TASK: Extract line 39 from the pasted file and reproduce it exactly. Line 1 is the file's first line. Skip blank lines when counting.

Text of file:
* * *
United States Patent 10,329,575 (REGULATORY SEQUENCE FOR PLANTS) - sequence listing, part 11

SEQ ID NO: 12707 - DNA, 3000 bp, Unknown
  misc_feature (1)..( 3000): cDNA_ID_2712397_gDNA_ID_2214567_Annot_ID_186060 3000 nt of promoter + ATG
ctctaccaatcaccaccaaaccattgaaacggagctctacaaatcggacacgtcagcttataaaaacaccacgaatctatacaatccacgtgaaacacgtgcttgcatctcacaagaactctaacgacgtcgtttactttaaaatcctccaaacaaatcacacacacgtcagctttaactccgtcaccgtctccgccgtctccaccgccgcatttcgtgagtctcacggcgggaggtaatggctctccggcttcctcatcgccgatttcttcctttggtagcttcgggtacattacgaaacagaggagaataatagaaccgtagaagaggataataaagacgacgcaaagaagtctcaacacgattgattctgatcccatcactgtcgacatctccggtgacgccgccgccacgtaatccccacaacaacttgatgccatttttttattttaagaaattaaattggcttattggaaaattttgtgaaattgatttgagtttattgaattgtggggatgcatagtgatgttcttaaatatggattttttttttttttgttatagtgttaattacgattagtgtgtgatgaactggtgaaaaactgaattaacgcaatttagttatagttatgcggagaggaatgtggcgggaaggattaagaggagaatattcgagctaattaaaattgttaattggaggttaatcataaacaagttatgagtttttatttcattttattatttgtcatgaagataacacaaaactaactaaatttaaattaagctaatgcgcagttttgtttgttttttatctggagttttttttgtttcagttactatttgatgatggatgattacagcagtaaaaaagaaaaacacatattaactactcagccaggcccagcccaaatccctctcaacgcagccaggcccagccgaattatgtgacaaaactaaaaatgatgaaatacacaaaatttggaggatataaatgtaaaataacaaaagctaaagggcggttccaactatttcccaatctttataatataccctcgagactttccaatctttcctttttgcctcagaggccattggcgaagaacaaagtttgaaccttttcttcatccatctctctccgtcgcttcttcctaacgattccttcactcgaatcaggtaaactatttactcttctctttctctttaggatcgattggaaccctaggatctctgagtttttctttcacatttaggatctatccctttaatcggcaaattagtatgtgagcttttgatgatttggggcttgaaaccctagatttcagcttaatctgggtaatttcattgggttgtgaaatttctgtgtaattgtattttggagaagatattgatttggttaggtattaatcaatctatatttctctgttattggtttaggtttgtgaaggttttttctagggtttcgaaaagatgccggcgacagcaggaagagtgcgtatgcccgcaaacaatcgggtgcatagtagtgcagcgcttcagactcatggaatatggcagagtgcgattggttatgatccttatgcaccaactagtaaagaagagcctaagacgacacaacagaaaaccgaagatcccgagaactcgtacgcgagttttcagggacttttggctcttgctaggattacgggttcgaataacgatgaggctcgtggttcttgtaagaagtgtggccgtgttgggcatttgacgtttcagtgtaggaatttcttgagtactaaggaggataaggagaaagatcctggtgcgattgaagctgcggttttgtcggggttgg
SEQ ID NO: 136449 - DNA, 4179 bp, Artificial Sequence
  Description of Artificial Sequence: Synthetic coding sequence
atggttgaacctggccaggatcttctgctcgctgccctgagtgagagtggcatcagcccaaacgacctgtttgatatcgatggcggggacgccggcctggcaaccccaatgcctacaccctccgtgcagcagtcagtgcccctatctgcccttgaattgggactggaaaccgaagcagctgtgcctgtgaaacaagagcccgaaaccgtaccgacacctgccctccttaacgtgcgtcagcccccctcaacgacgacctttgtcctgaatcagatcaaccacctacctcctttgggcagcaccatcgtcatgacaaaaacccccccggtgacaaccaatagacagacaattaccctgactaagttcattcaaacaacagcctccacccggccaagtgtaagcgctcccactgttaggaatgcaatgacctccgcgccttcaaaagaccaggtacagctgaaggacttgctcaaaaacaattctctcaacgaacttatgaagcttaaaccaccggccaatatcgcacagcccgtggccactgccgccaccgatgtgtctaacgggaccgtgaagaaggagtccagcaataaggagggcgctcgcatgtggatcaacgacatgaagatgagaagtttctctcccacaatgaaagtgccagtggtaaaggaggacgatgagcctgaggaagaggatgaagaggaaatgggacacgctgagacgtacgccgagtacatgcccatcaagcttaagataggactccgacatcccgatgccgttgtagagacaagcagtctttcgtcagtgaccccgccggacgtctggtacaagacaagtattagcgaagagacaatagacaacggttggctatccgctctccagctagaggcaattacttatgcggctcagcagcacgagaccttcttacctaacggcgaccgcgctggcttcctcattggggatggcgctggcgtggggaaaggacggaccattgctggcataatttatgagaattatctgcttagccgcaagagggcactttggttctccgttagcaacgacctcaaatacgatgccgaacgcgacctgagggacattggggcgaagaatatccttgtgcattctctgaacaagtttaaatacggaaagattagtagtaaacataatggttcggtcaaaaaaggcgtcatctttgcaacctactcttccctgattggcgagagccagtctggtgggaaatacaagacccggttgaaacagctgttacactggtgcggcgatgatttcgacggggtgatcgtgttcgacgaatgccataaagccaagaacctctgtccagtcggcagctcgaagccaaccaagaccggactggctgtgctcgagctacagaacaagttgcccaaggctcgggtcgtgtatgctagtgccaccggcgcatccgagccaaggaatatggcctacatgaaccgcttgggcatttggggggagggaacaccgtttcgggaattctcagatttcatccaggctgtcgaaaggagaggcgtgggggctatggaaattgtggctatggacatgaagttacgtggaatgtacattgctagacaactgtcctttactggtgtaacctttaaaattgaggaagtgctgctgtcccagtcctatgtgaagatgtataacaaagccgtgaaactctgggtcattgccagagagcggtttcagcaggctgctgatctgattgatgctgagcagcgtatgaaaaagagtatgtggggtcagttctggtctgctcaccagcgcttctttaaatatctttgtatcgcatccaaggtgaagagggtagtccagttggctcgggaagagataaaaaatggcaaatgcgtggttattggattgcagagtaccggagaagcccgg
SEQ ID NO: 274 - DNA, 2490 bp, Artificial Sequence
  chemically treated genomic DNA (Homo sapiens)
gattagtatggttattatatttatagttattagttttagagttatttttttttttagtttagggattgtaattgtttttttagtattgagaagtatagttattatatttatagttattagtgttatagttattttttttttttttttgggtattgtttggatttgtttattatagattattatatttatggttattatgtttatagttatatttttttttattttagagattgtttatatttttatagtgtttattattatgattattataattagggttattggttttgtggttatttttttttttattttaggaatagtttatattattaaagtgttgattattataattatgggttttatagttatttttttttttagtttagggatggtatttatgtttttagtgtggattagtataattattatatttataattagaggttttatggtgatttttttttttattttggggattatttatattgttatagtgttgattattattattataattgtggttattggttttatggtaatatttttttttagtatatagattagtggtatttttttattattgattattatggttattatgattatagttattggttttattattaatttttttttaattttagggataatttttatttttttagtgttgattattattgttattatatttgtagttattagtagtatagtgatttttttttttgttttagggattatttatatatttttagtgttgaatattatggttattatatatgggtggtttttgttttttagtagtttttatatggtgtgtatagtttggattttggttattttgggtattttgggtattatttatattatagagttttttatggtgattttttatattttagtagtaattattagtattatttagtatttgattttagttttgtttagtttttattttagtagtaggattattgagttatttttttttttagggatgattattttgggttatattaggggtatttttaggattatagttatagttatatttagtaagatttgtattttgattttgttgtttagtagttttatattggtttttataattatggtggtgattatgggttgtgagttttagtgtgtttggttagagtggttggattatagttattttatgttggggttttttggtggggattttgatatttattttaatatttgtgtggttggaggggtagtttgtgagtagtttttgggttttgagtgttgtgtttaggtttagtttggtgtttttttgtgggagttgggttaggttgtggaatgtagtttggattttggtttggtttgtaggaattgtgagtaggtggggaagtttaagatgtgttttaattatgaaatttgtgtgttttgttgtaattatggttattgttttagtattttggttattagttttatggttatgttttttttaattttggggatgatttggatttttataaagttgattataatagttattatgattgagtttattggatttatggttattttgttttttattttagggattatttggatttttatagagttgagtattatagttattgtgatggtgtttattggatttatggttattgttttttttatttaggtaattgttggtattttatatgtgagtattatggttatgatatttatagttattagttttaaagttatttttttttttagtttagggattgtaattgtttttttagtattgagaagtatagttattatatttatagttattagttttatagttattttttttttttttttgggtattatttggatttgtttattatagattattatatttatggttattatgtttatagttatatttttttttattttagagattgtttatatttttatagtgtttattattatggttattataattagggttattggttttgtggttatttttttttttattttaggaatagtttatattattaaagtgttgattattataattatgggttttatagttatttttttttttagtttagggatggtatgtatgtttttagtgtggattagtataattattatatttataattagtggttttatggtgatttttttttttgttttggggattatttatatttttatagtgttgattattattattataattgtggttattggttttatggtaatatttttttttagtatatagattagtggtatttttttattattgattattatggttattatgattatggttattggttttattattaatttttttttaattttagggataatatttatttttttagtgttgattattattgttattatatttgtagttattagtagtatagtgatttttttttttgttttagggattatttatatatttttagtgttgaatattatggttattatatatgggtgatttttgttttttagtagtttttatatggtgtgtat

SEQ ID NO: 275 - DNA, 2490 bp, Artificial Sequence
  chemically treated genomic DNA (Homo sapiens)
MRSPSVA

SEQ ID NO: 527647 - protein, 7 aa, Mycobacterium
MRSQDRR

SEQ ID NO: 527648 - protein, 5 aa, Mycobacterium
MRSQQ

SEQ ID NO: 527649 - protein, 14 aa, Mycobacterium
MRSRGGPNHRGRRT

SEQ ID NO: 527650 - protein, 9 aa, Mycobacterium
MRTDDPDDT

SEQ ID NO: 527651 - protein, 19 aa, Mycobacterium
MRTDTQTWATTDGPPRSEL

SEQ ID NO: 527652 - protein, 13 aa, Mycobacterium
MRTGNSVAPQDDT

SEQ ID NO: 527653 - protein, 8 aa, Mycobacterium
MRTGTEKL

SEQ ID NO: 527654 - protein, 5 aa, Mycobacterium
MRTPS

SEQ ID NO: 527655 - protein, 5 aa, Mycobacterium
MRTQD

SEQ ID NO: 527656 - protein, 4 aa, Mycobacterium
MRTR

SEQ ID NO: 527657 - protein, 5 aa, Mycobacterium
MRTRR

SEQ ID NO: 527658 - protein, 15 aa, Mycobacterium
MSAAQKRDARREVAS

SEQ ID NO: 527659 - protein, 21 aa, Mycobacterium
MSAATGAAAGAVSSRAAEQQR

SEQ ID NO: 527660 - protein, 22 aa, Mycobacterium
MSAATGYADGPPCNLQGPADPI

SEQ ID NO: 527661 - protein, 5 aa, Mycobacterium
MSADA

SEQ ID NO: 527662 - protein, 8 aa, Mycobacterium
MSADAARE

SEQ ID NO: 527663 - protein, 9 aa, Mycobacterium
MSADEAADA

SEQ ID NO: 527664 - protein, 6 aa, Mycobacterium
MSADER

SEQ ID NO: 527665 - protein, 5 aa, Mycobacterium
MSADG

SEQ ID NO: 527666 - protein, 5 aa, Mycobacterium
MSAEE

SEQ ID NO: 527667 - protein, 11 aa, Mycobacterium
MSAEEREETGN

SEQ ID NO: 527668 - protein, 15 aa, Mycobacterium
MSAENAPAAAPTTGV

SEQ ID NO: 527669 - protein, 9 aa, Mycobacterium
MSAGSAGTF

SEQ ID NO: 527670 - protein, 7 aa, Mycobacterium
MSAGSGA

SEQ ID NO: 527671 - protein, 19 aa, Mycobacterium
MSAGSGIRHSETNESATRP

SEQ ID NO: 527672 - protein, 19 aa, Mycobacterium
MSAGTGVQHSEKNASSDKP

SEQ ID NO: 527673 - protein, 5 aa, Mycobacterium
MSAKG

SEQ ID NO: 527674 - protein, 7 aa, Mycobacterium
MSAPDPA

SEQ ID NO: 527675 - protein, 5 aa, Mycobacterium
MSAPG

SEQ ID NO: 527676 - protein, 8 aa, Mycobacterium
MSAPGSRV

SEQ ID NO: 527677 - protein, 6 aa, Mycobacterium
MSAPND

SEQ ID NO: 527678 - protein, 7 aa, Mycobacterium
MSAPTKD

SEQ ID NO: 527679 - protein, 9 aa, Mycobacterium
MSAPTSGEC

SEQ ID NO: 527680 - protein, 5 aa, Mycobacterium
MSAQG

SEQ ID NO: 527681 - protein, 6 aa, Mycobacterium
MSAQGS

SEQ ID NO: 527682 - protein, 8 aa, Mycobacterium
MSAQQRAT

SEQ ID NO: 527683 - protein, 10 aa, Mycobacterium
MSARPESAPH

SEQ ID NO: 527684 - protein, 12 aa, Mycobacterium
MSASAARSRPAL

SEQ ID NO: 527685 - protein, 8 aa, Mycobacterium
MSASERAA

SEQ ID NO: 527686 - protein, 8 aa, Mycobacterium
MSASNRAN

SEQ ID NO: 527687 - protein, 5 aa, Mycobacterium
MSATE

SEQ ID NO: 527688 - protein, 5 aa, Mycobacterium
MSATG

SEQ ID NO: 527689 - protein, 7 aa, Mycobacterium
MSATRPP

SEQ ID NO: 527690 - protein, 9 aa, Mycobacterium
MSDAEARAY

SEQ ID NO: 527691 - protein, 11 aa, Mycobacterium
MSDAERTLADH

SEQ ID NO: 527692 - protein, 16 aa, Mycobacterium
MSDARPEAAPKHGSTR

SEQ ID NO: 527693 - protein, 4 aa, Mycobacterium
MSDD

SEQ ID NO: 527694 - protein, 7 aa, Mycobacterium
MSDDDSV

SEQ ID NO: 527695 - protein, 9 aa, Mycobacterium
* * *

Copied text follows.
MSAATGAAAGAVSSRAAEQQR